Included within the Blended Learning Toolkit are the materials and session archives from one of the program’s faculty development experiences: BlendKit2011 (Figure 5). Conducted as a five-week, massively open online course (MOOC), this course had approximately 200 registered participants, more than half of whom were not directly affiliated with the grant. Drawing from UCF’s internal faculty-development materials, the course provided faculty development in general blended learning concepts and practices, regardless of discipline. Through word-of-mouth, the Summer Learning Series webinar, and other means, various schools and distance learning professionals and faculty heard of the program and signed up, thus expanding the reach of the project beyond the 20 partner schools and further supporting the NGLC goal of scale.
Figure 5. BlendKit2011 Course Archive
The reach of the Blended Learning Toolkit and especially the BlendKit2011 course has far exceeded the team’s expectations. In fact, we have heard anecdotally from a number of partner and non-partner participants who provided positive feedback about their use of the materials, which leads us to suspect that a far greater number of participants are using the materials without sending us comments. We have had discussions with another Wave 1 grantee interested in funding the delivery of another session of the BlendKit course. Some participants have also shared that they intend to conduct their own internal faculty development based on the BlendKit materials.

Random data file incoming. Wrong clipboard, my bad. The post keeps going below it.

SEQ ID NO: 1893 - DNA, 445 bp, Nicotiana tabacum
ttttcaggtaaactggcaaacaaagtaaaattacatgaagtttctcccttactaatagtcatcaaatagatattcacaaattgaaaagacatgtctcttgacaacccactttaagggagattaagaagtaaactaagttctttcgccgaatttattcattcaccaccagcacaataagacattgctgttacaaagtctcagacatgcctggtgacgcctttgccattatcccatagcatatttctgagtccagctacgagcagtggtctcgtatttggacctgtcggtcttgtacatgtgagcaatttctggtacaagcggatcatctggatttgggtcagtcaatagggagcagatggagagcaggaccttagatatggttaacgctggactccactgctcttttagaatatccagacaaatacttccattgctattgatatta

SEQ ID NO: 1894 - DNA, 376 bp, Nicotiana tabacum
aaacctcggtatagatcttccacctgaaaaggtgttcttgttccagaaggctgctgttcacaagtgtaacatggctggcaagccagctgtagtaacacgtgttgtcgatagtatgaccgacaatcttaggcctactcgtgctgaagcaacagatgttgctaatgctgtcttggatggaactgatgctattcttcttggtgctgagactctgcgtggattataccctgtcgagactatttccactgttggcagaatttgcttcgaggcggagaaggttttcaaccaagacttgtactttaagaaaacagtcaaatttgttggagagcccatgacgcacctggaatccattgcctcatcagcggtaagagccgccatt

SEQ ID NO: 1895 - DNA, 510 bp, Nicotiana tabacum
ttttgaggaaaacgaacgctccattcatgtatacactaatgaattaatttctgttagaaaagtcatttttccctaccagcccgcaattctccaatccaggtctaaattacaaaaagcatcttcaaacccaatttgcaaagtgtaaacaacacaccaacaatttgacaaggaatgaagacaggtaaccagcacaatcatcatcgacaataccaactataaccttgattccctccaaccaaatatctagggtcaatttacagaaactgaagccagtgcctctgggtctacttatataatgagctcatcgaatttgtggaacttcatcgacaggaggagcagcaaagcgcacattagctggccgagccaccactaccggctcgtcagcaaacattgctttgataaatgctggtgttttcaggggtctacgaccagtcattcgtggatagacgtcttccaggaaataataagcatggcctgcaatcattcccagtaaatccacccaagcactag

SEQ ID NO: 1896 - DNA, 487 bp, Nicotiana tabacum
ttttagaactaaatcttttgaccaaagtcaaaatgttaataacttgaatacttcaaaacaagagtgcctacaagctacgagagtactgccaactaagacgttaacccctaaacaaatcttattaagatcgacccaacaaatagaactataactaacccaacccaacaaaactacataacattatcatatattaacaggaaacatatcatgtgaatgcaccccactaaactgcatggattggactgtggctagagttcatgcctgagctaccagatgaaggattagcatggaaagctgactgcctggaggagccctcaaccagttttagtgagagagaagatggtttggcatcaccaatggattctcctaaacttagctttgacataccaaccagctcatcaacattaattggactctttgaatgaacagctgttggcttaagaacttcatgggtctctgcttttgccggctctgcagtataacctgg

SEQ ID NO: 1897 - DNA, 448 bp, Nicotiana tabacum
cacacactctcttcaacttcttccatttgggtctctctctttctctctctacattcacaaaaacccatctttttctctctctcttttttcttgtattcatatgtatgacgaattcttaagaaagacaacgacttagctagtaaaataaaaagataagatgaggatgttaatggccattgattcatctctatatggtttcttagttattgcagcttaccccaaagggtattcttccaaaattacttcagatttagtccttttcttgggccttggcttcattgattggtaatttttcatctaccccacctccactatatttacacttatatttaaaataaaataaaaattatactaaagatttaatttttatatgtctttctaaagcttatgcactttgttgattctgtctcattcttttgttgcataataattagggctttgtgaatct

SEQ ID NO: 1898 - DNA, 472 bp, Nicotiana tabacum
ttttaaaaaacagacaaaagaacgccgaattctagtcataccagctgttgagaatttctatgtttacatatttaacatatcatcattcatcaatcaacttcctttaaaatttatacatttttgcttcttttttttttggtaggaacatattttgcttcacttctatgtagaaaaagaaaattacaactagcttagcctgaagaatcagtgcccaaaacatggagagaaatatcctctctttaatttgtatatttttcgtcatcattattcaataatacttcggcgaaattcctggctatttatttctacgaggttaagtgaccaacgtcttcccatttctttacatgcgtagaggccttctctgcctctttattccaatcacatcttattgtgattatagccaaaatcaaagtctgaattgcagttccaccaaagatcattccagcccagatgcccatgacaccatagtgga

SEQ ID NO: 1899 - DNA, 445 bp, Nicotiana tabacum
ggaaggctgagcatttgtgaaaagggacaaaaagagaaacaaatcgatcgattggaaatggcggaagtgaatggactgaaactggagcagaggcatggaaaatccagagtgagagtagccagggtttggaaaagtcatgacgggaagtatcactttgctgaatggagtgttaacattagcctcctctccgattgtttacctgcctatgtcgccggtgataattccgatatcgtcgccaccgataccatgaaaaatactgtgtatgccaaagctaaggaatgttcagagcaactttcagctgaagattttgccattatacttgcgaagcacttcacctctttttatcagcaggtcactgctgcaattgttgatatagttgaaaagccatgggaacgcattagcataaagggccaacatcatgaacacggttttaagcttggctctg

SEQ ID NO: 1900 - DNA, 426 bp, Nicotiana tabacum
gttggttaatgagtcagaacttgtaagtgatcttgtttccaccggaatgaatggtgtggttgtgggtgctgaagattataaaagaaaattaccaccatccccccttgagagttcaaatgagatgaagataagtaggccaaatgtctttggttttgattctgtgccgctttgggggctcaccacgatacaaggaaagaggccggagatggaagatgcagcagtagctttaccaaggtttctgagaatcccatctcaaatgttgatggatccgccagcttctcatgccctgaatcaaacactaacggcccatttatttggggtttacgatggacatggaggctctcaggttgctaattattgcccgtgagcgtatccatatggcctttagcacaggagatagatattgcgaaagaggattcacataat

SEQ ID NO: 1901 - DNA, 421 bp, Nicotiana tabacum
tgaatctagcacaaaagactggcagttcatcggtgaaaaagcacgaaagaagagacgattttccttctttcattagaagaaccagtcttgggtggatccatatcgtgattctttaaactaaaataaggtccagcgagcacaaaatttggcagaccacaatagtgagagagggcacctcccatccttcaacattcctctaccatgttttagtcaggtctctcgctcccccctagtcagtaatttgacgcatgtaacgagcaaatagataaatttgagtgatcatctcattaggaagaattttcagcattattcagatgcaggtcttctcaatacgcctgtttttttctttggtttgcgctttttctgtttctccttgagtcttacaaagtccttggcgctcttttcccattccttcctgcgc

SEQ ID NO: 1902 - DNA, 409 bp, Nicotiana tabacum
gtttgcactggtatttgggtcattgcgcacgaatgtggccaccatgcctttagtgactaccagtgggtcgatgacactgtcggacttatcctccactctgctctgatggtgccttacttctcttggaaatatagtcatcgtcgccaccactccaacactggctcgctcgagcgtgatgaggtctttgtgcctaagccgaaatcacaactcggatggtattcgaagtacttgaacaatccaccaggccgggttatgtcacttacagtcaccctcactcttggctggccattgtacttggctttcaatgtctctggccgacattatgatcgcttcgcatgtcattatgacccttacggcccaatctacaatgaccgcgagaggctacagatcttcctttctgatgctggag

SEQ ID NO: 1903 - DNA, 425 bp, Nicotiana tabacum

Sample BlendKit materials include:
Anonymous feedback from participants about the BlendKit2011 course included:
“The DIY tasks were extremely helpful, particularly the zapt features allowing me to turn my documents into html pages for my course web site. Thanks so much!”
“I am VERY grateful that the content remains available online for repeat viewing. Now that I have the bare bones course up and running, I have more time to learn how to make the course better.”
“I am currently participating in the Blendkit 2011 course and have gotten some great ideas to incorporate into my blended developmental writing course.”
The project team hopes to continue to expand the Blended Learning Toolkit, adding additional resources and model courses from both within UCF and from other institutions, as further grant funding and scheduling allow. In the meantime, all the materials, including the BlendKit faculty development course archives, remain freely available under the site’s Creative Commons license.
The project team also intends to continue to post thoughtful contributions to The Morning Blend from international thought leaders. Recent posts have been from me, as UCF’s NGLC project principal investigator, and from Anders Norberg, an education strategist at Campus Skellefteå, Sweden. Potential contributors should express their interest by sending an e-mail to the project team at firstname.lastname@example.org.
© 2011 Thomas Cavanagh. The text of this EQ article is licensed under the Creative Commons Attribution-Noncommercial-Share Alike 3.0 license.